Fig wasps are wasps of the family Agaonidae which pollinate figs or are otherwise associated with figs, a coevolutional relationship that has been developing for at least 80 million years.
The family as presently defined is polyphyletic, including several unrelated lineages whose similarities are based upon their shared association with figs; efforts are underway to resolve the matter, and remove a number of constituent groups to other families, particularly the Pteromalidae and Torymidae. Thus, the number of genera in the family is in flux. Probably only the Agaoninae should be regarded as belonging to the Agaonidae, whilst the Sycoecinae, Otitesellinae and Sycoryctinae should be included in the Pteromalidae. Placement of the Sycophaginae and Epichrysomallinae remains uncertain.
Among the Agaonidae, the female is a normal insect, while the males are mostly wingless. The males' only tasks are to mate with the females while still within the fig syconium and to chew a hole for the females to escape from the fig interior. This is the reverse of Strepsiptera and the bagworm, where the male is a normal insect and the female never leaves the host.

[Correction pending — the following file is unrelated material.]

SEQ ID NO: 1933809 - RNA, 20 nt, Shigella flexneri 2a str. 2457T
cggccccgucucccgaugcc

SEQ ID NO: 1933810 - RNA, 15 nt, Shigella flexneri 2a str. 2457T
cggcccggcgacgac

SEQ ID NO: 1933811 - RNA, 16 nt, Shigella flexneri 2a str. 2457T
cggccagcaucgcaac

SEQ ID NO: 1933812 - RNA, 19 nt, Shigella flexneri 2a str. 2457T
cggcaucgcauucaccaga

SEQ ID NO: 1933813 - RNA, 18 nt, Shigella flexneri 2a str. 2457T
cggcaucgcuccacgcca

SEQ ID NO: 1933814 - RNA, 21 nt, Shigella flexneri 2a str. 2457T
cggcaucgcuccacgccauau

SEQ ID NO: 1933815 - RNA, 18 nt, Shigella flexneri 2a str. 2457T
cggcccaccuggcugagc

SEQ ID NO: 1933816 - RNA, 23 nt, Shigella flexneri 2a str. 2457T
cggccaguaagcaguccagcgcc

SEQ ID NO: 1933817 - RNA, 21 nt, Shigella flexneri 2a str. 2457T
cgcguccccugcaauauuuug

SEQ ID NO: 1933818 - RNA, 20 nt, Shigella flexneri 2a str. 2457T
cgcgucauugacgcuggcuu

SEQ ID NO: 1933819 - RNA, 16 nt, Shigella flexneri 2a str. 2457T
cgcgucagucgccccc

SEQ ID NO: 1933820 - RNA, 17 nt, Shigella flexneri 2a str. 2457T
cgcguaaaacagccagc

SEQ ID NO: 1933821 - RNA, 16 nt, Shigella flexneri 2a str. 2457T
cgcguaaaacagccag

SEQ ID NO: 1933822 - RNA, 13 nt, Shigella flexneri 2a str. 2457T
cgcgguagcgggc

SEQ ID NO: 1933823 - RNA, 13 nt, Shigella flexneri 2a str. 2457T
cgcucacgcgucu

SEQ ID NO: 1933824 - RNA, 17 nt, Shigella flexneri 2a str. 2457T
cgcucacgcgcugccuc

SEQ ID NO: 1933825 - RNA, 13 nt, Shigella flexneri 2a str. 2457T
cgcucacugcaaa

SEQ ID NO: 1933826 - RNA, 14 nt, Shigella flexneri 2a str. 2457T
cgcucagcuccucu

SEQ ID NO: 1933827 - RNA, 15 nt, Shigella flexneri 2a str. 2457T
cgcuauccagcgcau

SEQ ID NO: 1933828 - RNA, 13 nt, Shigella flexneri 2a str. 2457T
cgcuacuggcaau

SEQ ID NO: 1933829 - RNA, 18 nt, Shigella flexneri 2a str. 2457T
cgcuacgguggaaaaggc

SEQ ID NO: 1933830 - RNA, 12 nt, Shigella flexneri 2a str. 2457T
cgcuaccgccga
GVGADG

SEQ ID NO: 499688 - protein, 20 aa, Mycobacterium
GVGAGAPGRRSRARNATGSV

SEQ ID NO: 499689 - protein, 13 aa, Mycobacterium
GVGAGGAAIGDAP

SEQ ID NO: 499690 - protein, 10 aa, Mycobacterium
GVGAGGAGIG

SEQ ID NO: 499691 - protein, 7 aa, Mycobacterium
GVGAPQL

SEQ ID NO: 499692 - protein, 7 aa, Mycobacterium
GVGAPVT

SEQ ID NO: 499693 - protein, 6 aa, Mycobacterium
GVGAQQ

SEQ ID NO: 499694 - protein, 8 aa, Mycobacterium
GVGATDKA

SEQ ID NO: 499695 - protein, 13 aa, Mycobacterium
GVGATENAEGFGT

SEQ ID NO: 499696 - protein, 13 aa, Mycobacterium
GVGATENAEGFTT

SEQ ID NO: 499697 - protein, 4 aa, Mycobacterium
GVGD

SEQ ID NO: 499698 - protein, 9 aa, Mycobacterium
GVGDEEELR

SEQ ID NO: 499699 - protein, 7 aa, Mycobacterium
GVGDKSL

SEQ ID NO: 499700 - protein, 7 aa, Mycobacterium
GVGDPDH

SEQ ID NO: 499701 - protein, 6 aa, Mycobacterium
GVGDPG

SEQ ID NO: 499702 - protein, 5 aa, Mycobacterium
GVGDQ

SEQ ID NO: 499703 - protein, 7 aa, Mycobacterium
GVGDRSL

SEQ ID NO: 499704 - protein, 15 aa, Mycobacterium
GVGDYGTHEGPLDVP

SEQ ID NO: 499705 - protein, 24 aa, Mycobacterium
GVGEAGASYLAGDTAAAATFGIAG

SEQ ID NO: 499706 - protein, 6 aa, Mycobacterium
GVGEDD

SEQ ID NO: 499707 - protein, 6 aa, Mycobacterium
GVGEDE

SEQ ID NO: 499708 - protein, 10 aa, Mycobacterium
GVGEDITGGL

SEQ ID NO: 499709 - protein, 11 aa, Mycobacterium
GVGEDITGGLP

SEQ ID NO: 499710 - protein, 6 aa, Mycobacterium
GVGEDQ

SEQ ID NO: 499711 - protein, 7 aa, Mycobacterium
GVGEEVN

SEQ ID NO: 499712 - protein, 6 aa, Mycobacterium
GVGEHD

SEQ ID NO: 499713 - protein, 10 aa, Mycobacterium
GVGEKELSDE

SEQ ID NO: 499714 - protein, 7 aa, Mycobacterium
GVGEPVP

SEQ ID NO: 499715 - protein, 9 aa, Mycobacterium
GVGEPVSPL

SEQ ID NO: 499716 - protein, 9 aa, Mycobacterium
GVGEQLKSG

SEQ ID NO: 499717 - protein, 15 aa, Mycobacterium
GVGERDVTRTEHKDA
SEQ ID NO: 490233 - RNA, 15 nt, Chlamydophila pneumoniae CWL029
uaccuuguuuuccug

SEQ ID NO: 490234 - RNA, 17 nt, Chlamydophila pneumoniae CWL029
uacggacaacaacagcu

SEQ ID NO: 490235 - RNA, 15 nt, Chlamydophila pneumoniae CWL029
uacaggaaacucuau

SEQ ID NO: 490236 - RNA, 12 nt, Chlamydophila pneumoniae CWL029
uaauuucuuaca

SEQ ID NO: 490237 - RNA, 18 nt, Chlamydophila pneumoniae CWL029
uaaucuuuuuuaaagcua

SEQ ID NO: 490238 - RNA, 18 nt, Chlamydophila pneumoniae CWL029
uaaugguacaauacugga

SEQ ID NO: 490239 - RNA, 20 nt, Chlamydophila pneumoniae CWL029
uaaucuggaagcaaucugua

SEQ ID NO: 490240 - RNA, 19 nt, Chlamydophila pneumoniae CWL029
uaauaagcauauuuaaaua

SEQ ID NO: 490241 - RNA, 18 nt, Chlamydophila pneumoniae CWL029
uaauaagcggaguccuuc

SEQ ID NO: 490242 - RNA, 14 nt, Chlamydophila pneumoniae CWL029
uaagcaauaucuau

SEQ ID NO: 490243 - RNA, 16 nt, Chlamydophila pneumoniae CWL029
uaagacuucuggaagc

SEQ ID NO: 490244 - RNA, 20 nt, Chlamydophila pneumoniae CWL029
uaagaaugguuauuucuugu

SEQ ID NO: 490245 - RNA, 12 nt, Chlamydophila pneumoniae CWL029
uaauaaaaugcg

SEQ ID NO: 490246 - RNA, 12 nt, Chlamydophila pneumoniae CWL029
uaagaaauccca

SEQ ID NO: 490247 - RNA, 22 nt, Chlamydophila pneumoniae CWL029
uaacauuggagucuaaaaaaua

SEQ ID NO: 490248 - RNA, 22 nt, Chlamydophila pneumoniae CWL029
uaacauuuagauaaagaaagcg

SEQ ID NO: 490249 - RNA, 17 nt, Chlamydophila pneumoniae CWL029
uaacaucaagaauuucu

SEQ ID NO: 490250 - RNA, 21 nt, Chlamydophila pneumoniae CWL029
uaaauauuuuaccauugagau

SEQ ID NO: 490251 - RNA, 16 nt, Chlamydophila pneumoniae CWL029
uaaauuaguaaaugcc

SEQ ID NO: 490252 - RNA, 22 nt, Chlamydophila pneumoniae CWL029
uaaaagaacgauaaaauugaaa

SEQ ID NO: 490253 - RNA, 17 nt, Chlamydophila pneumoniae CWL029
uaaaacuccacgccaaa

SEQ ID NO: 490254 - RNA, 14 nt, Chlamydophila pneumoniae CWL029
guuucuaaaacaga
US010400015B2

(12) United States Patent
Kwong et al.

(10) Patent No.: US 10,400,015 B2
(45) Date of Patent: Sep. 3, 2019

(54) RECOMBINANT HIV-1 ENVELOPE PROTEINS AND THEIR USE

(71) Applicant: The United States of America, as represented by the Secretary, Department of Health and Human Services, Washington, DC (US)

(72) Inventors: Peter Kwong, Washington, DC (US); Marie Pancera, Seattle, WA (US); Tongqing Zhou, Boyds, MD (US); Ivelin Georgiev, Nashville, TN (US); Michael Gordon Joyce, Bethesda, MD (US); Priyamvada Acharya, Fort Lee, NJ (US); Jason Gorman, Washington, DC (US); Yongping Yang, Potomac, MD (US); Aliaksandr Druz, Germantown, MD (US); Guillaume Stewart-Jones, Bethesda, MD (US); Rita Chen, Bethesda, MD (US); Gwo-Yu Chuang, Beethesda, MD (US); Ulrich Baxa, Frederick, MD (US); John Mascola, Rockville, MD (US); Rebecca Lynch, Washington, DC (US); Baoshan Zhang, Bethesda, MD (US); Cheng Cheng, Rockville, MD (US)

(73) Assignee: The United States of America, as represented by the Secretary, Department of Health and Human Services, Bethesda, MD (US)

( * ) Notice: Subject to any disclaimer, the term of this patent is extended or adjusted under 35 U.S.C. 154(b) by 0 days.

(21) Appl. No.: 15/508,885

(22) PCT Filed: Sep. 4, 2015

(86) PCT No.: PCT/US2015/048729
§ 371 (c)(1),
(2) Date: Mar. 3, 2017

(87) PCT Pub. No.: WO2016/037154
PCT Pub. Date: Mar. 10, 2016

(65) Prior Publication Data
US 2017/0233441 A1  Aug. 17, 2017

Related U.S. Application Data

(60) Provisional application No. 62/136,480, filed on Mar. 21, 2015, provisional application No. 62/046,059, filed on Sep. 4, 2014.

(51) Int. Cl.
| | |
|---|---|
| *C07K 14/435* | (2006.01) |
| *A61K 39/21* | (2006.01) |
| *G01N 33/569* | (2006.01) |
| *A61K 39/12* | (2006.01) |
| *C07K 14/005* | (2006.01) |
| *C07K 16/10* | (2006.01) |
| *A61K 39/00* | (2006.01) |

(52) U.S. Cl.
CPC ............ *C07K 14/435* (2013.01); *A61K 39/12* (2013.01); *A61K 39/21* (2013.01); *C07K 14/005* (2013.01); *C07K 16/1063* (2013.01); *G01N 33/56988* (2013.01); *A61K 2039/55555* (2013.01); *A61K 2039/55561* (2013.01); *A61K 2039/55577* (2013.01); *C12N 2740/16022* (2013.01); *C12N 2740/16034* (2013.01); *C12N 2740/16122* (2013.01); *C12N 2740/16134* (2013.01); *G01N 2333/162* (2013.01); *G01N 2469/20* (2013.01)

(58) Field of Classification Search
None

Most fig inflorescences contain three kinds of flowers: male, short female, and long female. Female fig wasps can reach the ovaries of short female flowers with their ovipositors, but not long female flowers. Thus the short flowers grow wasps, whereas the long flowers become seeds. In figs of this sort, the crunchy bits in the fruit contain both seeds and wasps. However, there are several commercial and ornamental varieties of fig that are self-fertile and do not require pollination; these varieties are not visited by fig wasps.
Pollinating fig wasps (Agaoninae) are specific to specific figs. The common fig Ficus carica is pollinated by Blastophaga psenes.
The life cycle of the fig wasp is closely intertwined with that of the fig tree it inhabits. The wasps that inhabit a particular tree can be loosely divided into two groups; pollinating and non-pollinating. The pollinating variety forms a mutually beneficial symbiosis with the tree, whereas the non-pollinating variety is parasitic. Both life cycles, however, are very similar.
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